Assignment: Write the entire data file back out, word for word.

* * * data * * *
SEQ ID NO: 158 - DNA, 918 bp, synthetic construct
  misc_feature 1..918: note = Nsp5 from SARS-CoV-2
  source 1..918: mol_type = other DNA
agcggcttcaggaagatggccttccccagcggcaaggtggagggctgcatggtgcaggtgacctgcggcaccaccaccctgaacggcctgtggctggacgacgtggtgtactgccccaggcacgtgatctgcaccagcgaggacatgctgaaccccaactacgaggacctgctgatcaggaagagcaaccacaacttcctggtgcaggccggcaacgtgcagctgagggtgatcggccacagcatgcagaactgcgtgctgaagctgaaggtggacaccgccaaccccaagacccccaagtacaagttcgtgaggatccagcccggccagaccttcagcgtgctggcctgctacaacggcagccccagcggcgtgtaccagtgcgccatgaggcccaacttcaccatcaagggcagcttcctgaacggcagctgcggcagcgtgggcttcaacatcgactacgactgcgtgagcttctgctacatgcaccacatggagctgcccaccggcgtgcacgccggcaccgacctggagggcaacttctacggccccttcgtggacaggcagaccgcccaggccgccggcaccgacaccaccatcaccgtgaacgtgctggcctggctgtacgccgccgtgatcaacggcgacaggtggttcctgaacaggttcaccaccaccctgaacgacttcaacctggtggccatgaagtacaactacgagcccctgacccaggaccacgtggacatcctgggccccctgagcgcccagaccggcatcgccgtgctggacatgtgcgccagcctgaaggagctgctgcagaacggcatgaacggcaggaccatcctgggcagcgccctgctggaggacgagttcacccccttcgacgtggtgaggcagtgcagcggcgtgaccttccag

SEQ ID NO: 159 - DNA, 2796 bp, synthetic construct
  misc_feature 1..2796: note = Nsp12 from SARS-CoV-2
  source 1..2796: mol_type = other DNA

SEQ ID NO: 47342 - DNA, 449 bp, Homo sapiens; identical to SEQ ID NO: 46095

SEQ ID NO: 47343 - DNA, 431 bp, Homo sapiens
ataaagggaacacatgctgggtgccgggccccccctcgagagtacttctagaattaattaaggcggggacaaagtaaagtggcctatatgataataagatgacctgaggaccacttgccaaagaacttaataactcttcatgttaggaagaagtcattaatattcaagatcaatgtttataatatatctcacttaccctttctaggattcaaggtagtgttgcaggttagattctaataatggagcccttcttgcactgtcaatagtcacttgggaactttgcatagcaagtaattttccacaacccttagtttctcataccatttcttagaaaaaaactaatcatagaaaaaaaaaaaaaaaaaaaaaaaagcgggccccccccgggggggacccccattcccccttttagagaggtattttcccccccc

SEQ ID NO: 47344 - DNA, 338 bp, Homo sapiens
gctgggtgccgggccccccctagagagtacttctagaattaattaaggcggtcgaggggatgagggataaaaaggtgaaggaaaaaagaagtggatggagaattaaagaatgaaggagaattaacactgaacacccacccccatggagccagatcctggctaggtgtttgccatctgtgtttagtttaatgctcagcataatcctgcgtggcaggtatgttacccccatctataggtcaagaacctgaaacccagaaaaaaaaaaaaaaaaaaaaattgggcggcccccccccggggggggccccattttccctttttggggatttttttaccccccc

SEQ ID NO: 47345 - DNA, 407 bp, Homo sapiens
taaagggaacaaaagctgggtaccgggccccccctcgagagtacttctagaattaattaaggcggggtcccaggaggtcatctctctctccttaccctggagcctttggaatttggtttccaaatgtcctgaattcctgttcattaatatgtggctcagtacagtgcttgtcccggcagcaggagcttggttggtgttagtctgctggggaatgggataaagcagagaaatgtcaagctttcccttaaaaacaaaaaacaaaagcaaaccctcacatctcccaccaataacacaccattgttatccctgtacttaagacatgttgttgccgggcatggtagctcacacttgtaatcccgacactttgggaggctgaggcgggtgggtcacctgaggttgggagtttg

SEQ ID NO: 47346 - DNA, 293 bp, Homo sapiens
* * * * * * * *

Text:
SEQ ID NO: 158 - DNA, 918 bp, synthetic construct
  misc_feature 1..918: note = Nsp5 from SARS-CoV-2
  source 1..918: mol_type = other DNA
agcggcttcaggaagatggccttccccagcggcaaggtggagggctgcatggtgcaggtgacctgcggcaccaccaccctgaacggcctgtggctggacgacgtggtgtactgccccaggcacgtgatctgcaccagcgaggacatgctgaaccccaactacgaggacctgctgatcaggaagagcaaccacaacttcctggtgcaggccggcaacgtgcagctgagggtgatcggccacagcatgcagaactgcgtgctgaagctgaaggtggacaccgccaaccccaagacccccaagtacaagttcgtgaggatccagcccggccagaccttcagcgtgctggcctgctacaacggcagccccagcggcgtgtaccagtgcgccatgaggcccaacttcaccatcaagggcagcttcctgaacggcagctgcggcagcgtgggcttcaacatcgactacgactgcgtgagcttctgctacatgcaccacatggagctgcccaccggcgtgcacgccggcaccgacctggagggcaacttctacggccccttcgtggacaggcagaccgcccaggccgccggcaccgacaccaccatcaccgtgaacgtgctggcctggctgtacgccgccgtgatcaacggcgacaggtggttcctgaacaggttcaccaccaccctgaacgacttcaacctggtggccatgaagtacaactacgagcccctgacccaggaccacgtggacatcctgggccccctgagcgcccagaccggcatcgccgtgctggacatgtgcgccagcctgaaggagctgctgcagaacggcatgaacggcaggaccatcctgggcagcgccctgctggaggacgagttcacccccttcgacgtggtgaggcagtgcagcggcgtgaccttccag

SEQ ID NO: 159 - DNA, 2796 bp, synthetic construct
  misc_feature 1..2796: note = Nsp12 from SARS-CoV-2
  source 1..2796: mol_type = other DNA

SEQ ID NO: 47342 - DNA, 449 bp, Homo sapiens; identical to SEQ ID NO: 46095

SEQ ID NO: 47343 - DNA, 431 bp, Homo sapiens
ataaagggaacacatgctgggtgccgggccccccctcgagagtacttctagaattaattaaggcggggacaaagtaaagtggcctatatgataataagatgacctgaggaccacttgccaaagaacttaataactcttcatgttaggaagaagtcattaatattcaagatcaatgtttataatatatctcacttaccctttctaggattcaaggtagtgttgcaggttagattctaataatggagcccttcttgcactgtcaatagtcacttgggaactttgcatagcaagtaattttccacaacccttagtttctcataccatttcttagaaaaaaactaatcatagaaaaaaaaaaaaaaaaaaaaaaaagcgggccccccccgggggggacccccattcccccttttagagaggtattttcccccccc

SEQ ID NO: 47344 - DNA, 338 bp, Homo sapiens
gctgggtgccgggccccccctagagagtacttctagaattaattaaggcggtcgaggggatgagggataaaaaggtgaaggaaaaaagaagtggatggagaattaaagaatgaaggagaattaacactgaacacccacccccatggagccagatcctggctaggtgtttgccatctgtgtttagtttaatgctcagcataatcctgcgtggcaggtatgttacccccatctataggtcaagaacctgaaacccagaaaaaaaaaaaaaaaaaaaaattgggcggcccccccccggggggggccccattttccctttttggggatttttttaccccccc

SEQ ID NO: 47345 - DNA, 407 bp, Homo sapiens
taaagggaacaaaagctgggtaccgggccccccctcgagagtacttctagaattaattaaggcggggtcccaggaggtcatctctctctccttaccctggagcctttggaatttggtttccaaatgtcctgaattcctgttcattaatatgtggctcagtacagtgcttgtcccggcagcaggagcttggttggtgttagtctgctggggaatgggataaagcagagaaatgtcaagctttcccttaaaaacaaaaaacaaaagcaaaccctcacatctcccaccaataacacaccattgttatccctgtacttaagacatgttgttgccgggcatggtagctcacacttgtaatcccgacactttgggaggctgaggcgggtgggtcacctgaggttgggagtttg

SEQ ID NO: 47346 - DNA, 293 bp, Homo sapiens